Skip navigation

Divide projects into manageable parts with collections

Collections offer a way of simplifying content organization for enterprises according to their business structure. Individual departments and teams can manage content in their collections, ensuring the right people work on the right content.

Table of contents

    Create clear boundaries for your content

    What advantages do you get with collections?

    • Create space for all departments within your project to eliminate silos.
    • Organize global and regional content within one project to enable easy reuse.
    • Separate channel-specific and channel-agnostic content within the same project for easier governance.

    This improves your brand consistency and cross-team collaboration, centralizes governance, and removes problems with duplicating content that already exists.

    How collections make your work easier

    Collections are a simple yet powerful way of organizing how you produce content. By organizing all parts of your content operations within a single project, you easily re-use content, model, and configuration without extra effort.

    Once collections are enabled, you'll find your existing items under a collection named Default. Check out how to set up collections for your project.

    Here are a few examples of how flexible collections are. You can mix and match the examples to suit your business needs.

    Example A: Departments, teams, business units

    If you invite people from several teams to your project, you want to ensure they can orient in a multi-department project and easily find what's theirs. This also means these team members have clear ownership and won't change content relevant to other teams.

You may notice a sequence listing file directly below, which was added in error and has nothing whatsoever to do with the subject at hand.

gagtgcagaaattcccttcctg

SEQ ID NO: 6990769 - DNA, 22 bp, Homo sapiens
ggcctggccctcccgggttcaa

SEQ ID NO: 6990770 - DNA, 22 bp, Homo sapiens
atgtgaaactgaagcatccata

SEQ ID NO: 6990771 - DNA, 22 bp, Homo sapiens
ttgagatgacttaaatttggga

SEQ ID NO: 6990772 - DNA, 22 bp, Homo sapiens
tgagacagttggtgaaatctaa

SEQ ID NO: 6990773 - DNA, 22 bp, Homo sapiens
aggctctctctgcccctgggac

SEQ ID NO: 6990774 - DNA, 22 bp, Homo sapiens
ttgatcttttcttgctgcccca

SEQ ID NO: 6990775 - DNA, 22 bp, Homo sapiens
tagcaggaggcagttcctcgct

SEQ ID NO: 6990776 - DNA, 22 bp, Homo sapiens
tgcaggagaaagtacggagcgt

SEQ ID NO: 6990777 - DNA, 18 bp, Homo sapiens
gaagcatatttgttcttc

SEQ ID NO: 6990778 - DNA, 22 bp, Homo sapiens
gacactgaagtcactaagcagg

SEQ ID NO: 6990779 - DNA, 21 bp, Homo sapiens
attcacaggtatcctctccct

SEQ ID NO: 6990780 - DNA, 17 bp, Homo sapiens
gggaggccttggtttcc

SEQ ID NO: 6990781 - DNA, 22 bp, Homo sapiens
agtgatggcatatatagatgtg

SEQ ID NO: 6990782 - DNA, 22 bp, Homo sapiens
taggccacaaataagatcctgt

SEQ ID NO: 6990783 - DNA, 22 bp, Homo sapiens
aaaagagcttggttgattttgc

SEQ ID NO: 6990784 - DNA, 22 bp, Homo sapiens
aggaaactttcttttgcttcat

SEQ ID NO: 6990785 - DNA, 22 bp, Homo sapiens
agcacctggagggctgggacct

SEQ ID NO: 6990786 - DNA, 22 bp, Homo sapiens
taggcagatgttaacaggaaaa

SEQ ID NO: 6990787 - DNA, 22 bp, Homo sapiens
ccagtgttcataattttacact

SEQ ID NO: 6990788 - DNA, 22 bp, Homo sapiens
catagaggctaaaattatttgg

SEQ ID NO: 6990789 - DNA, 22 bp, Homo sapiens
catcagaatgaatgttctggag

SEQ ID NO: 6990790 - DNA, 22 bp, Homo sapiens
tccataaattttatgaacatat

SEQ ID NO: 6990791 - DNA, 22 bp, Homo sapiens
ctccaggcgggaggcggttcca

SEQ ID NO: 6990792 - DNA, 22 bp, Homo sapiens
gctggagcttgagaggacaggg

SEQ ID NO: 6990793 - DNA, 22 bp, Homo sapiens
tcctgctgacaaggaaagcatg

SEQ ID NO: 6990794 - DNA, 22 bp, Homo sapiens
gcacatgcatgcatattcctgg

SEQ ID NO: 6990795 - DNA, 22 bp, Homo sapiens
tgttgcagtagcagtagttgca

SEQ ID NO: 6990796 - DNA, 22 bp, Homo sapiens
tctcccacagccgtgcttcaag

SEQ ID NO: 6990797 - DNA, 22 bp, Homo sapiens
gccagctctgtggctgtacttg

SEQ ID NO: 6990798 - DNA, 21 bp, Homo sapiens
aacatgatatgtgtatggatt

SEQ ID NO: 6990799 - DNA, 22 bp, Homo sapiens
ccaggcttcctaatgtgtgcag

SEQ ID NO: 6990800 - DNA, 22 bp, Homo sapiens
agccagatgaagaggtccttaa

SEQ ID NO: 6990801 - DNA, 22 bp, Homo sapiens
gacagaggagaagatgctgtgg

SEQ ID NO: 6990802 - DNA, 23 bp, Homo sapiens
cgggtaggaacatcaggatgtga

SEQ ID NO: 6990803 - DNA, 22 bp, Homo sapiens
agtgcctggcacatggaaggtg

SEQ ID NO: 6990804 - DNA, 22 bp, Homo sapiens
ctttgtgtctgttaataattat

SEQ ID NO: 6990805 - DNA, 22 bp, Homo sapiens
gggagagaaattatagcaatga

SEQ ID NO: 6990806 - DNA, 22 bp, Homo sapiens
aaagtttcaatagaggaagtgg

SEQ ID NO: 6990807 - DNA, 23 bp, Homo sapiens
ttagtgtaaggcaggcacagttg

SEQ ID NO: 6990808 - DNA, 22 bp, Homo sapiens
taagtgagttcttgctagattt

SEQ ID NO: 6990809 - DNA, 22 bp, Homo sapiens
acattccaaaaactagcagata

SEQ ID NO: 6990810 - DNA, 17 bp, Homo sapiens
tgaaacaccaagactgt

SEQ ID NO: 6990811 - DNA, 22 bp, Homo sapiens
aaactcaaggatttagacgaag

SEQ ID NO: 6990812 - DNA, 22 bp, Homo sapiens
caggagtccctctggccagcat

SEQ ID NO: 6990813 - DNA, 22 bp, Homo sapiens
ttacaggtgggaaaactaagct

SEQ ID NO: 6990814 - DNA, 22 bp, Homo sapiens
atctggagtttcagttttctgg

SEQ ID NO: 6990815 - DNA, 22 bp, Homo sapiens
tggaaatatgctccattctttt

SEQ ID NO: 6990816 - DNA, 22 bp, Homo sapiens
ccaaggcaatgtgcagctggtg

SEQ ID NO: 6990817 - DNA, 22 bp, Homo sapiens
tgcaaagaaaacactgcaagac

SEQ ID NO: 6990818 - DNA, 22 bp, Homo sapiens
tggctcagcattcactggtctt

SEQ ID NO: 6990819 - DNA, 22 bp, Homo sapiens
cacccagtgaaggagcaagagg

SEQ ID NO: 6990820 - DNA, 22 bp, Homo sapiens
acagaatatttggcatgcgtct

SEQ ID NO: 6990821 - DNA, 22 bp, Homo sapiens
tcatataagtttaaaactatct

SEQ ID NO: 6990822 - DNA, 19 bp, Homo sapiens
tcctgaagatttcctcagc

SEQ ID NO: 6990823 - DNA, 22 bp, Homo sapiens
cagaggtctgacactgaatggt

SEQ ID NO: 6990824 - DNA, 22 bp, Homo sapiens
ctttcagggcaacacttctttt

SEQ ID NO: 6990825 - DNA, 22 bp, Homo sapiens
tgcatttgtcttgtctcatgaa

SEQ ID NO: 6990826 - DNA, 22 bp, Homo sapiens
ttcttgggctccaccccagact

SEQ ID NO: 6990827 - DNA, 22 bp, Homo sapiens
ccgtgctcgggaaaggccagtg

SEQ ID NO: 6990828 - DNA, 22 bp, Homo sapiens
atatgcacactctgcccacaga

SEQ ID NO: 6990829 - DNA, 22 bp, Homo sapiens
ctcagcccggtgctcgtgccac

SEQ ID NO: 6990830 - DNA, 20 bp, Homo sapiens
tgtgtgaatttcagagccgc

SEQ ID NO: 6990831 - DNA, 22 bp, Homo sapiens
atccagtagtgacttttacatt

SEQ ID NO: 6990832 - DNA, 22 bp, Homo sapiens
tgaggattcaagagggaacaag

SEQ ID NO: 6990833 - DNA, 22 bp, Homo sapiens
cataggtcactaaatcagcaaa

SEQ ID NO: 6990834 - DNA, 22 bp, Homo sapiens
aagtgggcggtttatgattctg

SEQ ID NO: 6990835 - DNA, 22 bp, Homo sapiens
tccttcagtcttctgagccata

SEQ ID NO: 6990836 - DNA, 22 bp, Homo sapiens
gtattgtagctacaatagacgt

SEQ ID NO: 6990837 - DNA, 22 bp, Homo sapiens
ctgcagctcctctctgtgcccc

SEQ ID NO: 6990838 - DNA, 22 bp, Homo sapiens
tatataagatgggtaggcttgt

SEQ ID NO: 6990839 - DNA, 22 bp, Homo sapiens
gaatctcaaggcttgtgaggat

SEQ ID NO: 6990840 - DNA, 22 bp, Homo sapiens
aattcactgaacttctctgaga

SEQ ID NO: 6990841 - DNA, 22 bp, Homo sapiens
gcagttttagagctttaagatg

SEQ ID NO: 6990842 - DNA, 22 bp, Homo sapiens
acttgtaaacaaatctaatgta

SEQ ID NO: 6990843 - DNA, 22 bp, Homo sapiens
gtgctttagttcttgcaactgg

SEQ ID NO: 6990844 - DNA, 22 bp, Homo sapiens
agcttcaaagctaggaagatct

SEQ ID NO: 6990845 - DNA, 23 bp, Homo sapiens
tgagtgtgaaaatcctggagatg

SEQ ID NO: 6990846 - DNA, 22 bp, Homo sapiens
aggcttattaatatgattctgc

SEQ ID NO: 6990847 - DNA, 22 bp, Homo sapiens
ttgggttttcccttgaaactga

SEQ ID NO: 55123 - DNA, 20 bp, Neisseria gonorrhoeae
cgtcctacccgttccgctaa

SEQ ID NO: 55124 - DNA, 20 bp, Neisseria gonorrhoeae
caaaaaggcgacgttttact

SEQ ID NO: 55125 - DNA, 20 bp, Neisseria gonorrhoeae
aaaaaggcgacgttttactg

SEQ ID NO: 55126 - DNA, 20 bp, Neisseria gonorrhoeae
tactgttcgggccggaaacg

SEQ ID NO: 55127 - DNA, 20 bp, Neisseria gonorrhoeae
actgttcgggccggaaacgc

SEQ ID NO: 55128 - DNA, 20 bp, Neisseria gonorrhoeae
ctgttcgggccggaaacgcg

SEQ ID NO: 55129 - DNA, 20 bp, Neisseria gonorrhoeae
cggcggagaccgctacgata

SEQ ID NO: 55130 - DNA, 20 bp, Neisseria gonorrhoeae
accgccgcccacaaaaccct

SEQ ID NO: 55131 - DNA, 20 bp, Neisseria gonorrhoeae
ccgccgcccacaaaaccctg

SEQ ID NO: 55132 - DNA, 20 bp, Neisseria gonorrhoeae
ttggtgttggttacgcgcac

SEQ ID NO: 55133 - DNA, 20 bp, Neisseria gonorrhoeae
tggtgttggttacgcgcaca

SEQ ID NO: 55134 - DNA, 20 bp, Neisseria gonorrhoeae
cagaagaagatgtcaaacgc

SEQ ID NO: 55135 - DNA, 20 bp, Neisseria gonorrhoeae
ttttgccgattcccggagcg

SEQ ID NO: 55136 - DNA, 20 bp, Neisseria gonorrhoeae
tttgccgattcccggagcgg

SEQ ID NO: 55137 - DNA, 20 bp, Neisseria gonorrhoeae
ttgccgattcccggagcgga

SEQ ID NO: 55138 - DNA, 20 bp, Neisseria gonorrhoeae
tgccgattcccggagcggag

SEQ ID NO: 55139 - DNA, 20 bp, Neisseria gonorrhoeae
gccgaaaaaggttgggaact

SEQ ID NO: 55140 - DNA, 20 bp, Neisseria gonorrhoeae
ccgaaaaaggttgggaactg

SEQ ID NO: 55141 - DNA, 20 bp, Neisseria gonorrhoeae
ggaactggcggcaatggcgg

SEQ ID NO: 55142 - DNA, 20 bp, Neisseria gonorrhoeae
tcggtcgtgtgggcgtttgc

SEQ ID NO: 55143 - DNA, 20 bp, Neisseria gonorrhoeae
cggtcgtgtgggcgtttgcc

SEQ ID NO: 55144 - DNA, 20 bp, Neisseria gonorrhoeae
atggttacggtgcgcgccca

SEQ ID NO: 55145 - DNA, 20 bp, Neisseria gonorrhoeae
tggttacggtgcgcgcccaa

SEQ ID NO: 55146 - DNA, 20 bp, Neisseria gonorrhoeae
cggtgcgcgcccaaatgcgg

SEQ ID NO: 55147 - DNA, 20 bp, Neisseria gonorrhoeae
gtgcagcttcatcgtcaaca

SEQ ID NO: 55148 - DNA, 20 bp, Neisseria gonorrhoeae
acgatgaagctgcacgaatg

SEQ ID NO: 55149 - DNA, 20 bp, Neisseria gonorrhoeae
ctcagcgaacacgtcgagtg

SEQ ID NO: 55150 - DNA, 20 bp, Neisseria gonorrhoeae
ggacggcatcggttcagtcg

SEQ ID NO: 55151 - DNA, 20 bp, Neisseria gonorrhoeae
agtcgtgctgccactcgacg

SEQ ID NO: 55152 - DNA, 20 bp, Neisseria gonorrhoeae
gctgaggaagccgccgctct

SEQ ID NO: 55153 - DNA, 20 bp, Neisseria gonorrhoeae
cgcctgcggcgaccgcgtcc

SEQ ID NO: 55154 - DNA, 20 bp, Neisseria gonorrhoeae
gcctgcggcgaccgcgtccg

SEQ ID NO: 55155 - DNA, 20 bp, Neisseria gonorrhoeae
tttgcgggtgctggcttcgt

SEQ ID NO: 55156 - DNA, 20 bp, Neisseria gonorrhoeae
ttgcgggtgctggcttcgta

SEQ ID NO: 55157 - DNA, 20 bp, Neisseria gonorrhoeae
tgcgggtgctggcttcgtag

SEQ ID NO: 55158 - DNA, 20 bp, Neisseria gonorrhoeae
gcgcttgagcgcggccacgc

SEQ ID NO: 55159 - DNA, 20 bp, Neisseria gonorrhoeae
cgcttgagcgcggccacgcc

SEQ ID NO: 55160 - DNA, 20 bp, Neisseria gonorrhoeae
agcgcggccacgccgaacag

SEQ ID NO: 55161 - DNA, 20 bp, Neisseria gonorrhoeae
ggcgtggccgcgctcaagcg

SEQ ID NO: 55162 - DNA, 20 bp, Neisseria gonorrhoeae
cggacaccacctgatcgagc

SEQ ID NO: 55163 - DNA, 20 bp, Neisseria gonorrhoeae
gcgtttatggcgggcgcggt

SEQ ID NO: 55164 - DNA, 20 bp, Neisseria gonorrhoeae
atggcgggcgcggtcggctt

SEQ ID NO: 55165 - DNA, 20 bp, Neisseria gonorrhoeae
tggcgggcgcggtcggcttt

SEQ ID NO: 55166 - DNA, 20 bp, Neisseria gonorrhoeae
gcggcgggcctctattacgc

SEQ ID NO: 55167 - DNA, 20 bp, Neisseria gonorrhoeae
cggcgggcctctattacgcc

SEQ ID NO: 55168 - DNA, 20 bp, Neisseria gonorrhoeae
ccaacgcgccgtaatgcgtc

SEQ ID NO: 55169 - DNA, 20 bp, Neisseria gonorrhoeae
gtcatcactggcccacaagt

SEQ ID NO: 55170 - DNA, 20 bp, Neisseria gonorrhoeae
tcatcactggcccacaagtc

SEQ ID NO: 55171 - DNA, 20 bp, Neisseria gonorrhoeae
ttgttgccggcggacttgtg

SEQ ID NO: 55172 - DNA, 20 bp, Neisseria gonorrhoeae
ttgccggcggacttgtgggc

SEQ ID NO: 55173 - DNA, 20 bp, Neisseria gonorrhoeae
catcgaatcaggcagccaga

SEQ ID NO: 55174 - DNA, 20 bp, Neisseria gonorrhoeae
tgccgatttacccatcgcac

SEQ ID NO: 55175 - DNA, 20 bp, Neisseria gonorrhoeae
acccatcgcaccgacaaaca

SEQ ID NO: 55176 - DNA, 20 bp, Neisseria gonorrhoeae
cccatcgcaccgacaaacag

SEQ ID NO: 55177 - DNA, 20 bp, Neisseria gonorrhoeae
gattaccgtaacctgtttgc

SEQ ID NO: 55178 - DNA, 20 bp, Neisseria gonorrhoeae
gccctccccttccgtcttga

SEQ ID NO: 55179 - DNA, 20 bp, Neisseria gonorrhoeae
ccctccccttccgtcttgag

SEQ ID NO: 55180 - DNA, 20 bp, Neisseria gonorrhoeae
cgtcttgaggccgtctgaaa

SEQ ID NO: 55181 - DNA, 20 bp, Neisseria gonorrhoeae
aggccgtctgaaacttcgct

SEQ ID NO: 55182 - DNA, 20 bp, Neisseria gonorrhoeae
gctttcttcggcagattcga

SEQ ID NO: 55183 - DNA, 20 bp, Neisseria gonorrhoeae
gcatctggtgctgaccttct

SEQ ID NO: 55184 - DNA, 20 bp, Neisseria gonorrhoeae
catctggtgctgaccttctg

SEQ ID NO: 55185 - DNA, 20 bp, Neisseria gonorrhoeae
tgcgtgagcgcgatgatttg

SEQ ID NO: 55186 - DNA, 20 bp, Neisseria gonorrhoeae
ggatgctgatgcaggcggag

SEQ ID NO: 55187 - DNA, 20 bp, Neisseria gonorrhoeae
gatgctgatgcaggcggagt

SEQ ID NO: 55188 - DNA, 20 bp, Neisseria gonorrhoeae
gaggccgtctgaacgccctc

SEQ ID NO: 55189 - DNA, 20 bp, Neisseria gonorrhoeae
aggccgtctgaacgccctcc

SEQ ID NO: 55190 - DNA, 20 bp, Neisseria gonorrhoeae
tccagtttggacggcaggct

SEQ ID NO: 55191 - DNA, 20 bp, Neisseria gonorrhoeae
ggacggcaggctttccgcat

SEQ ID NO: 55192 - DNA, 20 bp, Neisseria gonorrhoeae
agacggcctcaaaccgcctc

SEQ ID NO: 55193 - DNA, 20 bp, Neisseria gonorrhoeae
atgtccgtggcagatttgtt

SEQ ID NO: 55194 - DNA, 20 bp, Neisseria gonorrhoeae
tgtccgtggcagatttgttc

They can have different roles in different collections. This way they can see and work on content only from collections relevant to them. 

    You can have a collection for company-wide content and another for department content. For example, the departments can represent university faculties or hospital departments.

    Example B: Regions, markets, global content

    Do you provide services in multiple regions? Chances are that some of your region-specific offerings share a fair bit of content that you could reuse. The way you organize your content depends on the differences among your region-specific content.

    If every region has different content items, use collections to divide the items for each region. For example, your LA branch uses one kind of articles while NY branch uses another. For items that are the same across all regions and meant to be shared, create a global collection.

    If the content items for your regions are the same (or just with tiny differences), use languages to differentiate the regions. This way you'll have a regional variant of each content item.

    Example C: Devices, experiences, channels

    Do you put out content that people see on the web, mobile, and other connected devices? Collections can help you manage content for these channels. By defining collections for each channel (or device) and a collection for the shared parts, you ensure consistency and avoid duplication.

    Example D: Campaigns and initiatives

    Use collections to group content that's useful and relevant for a short time. For example, this lets you clearly define which content belongs to which marketing campaign. The same approach can work equally well for grouping topical content like UI microcopy or FAQs.

    What's next?

    You've already decided on the number of projects you need and know how to divide them in collections. Nice! 

    Are you going to use your organized content for a website? If so, decide whether to use Web Spotlight. Web Spotlight is perfect for projects used for managing websites.